Shouldn’t we all play by the same rules on tax?

So asks the new tax campaign website launched by the Liberal Democrats today:

We believe that everyone should pay their fair share of tax. That means the people who have the most paying more than those who have less. To help make that happen, we want to give a tax cut to every working family in the country by raising the amount you can earn before paying income tax, initially to £10,000 a year.

This would give every working person in the country a tax cut of over £500.

You can sign up to back the campaign or to find out more about what’s being called for at

It’s part of this autumn’s fair tax campaign, which is one of the party’s most serious efforts for a long time in having a consistent campaign theme across different parts of the party, and one that integrates party conference, national media efforts, local campaigning and the internet.

Aside from the issues’s inherent importance in creating a fair and liberal society, tax is also a handy issue to take up as it helps establish how the Liberal Democrats want to do things differently from the Conservatives.

Online, there are lots of new things being tried – such as running an email survey in advance asking people to choose between possible slogans for the campaign, and using the NationBuilder software for this dedicated campaign site along with lots of social media integration.

* Mark Pack is Party President and is the editor of Liberal Democrat Newswire.

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  • Malcolm Todd 20th Sep '12 - 1:07pm

    “we want to give a tax cut to every working family in the country by raising the amount you can earn before paying income tax, initially to £10,000 a year.

    This would give every working person in the country a tax cut of over £500”

    No it wouldn’t. That’s just not true. It would only be true if (a) every working person in the country earned over £10,000 a year and (b) the personal allowance for everybody was currently £7,500. Neither of those is true. (I mean not even remotely true. The basic personal allowance is already over £8,000 for a start –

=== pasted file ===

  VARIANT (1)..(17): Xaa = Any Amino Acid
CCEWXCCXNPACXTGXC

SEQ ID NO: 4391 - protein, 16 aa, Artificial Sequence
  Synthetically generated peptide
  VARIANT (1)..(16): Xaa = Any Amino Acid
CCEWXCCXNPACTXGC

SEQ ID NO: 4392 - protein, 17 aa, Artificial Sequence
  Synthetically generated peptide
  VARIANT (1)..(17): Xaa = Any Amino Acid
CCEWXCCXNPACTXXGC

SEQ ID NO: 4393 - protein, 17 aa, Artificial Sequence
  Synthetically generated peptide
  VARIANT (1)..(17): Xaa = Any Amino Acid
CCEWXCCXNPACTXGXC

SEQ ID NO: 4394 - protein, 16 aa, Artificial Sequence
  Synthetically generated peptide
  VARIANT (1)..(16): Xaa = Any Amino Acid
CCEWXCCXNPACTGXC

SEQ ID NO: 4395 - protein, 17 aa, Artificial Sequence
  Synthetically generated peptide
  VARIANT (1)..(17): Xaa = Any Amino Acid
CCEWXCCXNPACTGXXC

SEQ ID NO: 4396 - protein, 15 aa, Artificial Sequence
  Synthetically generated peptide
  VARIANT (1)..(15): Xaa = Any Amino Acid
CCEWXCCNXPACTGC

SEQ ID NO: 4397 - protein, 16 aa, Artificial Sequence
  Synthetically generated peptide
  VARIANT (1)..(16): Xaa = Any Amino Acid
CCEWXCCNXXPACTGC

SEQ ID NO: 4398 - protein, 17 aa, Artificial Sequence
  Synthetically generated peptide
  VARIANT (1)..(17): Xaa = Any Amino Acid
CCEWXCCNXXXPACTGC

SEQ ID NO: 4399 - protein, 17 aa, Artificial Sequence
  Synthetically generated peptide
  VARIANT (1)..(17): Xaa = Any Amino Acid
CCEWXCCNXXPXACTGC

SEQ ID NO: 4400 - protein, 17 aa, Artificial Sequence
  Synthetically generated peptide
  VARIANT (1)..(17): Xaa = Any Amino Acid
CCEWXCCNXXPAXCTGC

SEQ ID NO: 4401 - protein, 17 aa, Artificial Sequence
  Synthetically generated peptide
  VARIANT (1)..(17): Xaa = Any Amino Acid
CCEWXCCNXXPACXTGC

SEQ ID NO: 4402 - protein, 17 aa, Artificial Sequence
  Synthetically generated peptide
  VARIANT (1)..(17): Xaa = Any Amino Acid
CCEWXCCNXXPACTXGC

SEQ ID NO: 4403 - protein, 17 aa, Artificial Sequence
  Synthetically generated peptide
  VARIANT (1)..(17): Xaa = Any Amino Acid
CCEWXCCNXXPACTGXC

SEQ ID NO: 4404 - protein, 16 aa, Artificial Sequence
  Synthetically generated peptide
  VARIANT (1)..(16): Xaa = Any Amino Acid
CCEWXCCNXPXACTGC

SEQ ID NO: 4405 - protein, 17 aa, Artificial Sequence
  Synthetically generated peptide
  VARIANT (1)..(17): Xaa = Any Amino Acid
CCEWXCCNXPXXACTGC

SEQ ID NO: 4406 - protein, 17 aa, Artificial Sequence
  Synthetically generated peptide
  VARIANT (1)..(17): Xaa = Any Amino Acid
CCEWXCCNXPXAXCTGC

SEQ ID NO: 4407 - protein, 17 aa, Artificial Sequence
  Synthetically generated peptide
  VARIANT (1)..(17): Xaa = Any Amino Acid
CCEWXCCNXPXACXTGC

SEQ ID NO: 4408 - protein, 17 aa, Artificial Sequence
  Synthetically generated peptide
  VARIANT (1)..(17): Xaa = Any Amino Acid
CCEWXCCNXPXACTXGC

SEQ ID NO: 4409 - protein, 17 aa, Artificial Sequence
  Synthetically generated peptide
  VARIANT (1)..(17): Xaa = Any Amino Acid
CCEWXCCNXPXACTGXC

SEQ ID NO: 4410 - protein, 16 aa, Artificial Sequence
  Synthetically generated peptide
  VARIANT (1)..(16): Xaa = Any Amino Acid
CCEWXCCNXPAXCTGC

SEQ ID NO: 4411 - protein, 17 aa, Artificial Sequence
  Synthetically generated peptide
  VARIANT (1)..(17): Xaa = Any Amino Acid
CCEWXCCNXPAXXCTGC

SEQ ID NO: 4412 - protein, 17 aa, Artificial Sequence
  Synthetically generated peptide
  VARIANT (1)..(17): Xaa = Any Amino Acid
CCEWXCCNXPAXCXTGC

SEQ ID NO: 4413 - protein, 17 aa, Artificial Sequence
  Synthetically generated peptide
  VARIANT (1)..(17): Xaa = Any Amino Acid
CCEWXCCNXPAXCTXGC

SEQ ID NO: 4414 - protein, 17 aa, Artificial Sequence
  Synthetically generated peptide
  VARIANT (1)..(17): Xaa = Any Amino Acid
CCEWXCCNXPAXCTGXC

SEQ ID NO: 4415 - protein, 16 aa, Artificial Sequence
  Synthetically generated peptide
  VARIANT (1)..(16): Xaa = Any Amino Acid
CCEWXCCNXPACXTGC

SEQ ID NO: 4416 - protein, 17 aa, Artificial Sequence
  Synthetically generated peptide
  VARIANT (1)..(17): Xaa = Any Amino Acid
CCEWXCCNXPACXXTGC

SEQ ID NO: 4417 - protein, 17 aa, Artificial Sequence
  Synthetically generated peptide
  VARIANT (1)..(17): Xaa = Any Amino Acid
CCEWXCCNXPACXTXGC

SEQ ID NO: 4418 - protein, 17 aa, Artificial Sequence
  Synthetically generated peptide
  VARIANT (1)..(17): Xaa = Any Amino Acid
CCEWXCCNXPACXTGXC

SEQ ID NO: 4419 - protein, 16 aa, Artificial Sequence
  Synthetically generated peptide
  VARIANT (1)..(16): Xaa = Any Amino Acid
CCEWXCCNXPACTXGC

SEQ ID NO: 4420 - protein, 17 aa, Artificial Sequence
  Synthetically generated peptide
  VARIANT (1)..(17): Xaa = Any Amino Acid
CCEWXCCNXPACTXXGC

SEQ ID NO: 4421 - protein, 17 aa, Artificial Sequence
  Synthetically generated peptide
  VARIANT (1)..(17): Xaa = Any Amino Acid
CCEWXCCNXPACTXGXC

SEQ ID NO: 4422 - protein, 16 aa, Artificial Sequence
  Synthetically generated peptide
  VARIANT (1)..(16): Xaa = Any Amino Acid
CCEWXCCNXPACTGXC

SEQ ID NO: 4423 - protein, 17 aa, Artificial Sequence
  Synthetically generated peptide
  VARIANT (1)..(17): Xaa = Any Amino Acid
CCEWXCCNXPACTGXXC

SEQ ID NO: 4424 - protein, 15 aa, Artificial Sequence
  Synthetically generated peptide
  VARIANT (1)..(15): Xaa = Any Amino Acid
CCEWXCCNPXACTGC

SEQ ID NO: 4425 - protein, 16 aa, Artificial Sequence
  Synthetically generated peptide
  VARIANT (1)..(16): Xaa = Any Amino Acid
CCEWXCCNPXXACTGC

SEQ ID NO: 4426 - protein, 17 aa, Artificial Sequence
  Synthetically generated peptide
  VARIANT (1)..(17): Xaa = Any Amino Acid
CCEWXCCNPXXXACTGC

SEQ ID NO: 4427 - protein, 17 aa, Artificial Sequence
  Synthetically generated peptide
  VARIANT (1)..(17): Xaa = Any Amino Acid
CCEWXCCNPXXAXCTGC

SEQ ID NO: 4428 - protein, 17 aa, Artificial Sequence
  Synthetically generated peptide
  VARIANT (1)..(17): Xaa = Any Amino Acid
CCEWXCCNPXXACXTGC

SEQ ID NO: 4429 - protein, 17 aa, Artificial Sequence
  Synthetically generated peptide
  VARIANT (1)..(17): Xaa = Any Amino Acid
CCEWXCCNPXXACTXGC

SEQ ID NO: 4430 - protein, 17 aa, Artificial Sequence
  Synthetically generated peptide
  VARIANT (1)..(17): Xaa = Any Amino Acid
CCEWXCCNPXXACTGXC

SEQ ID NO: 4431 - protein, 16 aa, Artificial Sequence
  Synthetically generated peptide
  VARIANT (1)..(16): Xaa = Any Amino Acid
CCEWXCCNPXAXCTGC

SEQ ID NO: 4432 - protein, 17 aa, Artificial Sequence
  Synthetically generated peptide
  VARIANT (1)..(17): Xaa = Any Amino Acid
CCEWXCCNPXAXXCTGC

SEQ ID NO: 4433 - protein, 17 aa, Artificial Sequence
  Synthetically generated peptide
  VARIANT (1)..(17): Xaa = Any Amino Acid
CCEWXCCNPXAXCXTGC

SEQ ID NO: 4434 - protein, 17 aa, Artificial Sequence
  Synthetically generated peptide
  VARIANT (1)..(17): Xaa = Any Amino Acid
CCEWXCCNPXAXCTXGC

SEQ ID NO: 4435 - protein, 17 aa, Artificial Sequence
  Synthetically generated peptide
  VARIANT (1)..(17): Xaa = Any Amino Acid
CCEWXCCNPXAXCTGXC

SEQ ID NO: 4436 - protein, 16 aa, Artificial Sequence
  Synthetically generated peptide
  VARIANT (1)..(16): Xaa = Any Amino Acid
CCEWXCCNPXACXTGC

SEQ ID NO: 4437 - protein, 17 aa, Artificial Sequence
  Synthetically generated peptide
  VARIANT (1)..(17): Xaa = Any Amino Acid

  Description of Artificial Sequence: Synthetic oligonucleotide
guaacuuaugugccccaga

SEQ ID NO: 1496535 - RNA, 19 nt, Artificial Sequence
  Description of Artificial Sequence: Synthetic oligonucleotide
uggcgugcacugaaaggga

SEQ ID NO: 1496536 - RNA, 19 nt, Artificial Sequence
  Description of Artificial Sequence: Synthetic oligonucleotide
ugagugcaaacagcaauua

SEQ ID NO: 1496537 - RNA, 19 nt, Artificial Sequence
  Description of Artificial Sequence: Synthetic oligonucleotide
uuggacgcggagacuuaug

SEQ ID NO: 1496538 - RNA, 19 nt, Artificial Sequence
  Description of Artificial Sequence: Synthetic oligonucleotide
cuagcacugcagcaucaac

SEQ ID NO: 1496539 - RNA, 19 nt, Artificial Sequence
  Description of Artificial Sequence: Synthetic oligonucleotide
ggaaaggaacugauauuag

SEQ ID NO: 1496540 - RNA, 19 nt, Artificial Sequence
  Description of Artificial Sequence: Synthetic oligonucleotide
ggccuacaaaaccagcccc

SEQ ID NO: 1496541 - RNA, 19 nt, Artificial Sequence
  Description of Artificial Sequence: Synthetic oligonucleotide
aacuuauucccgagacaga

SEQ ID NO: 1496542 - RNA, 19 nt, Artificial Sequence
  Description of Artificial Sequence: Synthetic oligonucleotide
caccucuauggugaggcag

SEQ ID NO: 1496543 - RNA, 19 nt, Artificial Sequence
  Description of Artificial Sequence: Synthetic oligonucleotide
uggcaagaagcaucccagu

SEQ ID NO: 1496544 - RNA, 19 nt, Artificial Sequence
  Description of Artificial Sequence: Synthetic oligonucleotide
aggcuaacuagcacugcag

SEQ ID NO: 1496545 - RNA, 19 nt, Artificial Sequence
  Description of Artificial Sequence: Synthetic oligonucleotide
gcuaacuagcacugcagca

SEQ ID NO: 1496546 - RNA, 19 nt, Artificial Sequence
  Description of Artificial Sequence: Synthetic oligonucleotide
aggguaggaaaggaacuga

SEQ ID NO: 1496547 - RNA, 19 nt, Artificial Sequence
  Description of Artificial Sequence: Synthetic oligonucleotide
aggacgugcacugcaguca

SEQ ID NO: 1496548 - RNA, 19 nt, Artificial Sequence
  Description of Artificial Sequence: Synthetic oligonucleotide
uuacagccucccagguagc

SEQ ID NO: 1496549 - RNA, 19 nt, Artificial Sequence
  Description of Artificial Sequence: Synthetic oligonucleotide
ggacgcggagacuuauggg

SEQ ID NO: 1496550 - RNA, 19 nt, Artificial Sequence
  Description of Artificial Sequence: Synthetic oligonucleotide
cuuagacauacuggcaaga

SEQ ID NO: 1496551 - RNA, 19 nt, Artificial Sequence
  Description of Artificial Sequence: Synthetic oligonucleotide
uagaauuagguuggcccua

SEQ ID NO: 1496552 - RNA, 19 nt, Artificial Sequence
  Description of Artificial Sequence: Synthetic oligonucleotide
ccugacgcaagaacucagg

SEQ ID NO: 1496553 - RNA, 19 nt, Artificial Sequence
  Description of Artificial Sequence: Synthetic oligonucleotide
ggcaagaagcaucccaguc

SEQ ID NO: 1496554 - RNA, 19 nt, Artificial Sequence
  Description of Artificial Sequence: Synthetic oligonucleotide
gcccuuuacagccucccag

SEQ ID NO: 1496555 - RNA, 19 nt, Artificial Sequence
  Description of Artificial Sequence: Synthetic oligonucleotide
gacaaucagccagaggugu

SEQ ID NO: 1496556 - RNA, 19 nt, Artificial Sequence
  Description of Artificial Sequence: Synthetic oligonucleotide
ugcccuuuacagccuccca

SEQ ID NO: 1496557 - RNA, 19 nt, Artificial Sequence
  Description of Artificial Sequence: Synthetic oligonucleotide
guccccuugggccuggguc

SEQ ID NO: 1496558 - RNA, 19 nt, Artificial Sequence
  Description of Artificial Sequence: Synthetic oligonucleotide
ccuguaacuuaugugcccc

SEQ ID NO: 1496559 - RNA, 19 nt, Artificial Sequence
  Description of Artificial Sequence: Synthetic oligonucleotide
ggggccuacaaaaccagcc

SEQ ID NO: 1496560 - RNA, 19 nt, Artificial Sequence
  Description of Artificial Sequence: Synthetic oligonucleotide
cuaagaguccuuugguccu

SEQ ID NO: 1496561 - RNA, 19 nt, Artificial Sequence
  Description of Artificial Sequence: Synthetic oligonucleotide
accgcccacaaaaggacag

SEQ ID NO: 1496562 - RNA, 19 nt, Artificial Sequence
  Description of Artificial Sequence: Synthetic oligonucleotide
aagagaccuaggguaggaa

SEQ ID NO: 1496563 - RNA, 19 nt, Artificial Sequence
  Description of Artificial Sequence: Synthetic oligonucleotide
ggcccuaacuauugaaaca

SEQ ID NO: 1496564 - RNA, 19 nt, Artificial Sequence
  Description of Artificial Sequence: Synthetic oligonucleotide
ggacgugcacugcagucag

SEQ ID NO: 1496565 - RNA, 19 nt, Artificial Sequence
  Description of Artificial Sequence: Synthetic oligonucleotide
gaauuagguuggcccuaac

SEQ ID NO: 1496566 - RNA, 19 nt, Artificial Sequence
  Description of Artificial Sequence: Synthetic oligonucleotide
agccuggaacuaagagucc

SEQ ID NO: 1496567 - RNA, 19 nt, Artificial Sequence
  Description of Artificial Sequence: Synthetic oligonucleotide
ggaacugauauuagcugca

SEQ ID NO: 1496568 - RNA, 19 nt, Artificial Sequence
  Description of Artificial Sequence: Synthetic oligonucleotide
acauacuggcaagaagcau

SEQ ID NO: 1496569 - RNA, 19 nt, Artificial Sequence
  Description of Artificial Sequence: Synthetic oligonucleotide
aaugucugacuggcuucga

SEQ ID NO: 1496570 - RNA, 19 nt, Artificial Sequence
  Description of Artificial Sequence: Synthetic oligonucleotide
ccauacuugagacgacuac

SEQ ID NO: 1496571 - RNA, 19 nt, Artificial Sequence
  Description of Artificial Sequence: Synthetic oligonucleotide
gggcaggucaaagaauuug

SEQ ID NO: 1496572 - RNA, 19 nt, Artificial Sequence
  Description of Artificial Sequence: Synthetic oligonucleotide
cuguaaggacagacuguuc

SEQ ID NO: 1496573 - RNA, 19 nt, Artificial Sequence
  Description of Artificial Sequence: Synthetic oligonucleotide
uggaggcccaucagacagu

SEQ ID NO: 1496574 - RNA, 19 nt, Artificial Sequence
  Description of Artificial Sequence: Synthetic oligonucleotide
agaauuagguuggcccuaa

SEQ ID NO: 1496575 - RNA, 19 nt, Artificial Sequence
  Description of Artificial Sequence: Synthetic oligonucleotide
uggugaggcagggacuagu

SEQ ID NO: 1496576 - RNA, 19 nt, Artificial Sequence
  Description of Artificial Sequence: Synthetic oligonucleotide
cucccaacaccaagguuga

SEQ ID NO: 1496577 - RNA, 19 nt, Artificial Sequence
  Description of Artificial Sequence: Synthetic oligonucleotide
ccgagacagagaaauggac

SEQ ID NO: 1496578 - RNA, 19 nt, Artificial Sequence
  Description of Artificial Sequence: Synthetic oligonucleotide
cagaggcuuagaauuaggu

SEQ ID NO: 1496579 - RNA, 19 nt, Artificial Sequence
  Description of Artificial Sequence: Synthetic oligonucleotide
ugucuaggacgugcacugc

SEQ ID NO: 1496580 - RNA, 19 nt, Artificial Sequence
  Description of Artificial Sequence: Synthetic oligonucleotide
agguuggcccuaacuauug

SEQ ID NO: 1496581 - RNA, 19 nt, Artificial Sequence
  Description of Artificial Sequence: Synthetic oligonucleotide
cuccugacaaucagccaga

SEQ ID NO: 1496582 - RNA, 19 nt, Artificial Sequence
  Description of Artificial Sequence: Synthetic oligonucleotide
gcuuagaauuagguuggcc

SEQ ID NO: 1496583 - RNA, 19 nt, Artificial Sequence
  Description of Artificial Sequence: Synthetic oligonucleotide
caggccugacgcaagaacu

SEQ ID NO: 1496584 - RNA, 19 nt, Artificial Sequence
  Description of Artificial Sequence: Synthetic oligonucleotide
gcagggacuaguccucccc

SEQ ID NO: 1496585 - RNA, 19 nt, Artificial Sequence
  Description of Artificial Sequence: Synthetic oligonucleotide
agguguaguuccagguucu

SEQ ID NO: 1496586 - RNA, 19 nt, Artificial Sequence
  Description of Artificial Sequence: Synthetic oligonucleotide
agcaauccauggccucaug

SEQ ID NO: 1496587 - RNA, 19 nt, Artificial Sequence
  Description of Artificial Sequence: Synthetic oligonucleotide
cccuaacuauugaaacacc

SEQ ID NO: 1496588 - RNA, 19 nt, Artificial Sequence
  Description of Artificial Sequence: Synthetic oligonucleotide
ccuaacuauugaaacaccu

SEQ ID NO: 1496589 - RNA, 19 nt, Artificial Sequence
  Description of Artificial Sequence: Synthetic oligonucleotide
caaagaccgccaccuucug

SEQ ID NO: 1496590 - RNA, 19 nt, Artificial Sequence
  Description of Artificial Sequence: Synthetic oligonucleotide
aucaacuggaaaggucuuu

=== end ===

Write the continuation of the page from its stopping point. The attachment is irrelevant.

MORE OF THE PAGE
So I’m not sure I’ll waste my time listening to anything else this campaign has to say, if it can’t get its core facts and sums right.

  • “working family”? Individuals pay tax, not families.

  • Austin Rathe 20th Sep '12 - 1:31pm


    The £500 figure is based on the whole policy of raising the threshold to £10k. I accept the point about the use of the word “every”, perhaps “average” would be better?

  • Richard Swales 20th Sep '12 - 2:11pm

    @Simon McGrath,

    Don’t expect an answer to your second question. It was when I realised that for many the answer is “When everyone has the same take-home” that I knew this wasn’t the party for me.

  • Nigel Quinton 20th Sep '12 - 2:19pm

    @Simon – do you just not understand progressive taxation at all? Of course the more wealthy pay a greater share of tax. As a “better off person” I can state quite clearly that I do not pay my fair share of tax. My income can be structured flexibly to make sure I only pay what I need to now, spreading my liability over the leaner years that might be ahead, and the council tax system means that I am paying the same as people in houses worth a lot less than ours. Would I welcome paying more tax – of course not, but I know that I probably should.

  • Richard Dean 20th Sep '12 - 2:30pm

    What is the meaning of “fair” in this context? Are there any principles or reules by which one can judge whether a tax or tax system is fair? It may be right, but why is it “fair” for high income earners to pay proportionately more?

  • “This would give every working person in the country a tax cut of over £500.”

    Surely if the higher thresholds are also moved downwards, and tax credits are adjusted this is simply not true. I’m not against either measure but there will be many people on middle incomes who may feel this is wrong. Surely the wording needs to be changed to stop what is a good policy being picked to bits…

  • Richard Dean 20th Sep '12 - 3:27pm

    Very amusing, jedibeeftrix!

  • Simon McGrath 20th Sep '12 - 10:13pm

    @nigel – I am familiar with what a progressive tax system means. Looking at the HMRC figures we seem to have one.

  • Peter Davies 21st Sep '12 - 8:05am

    I hope the complete lack of content on this site is because our leaders will actually be listening at the consultation session (see the post two after this one).

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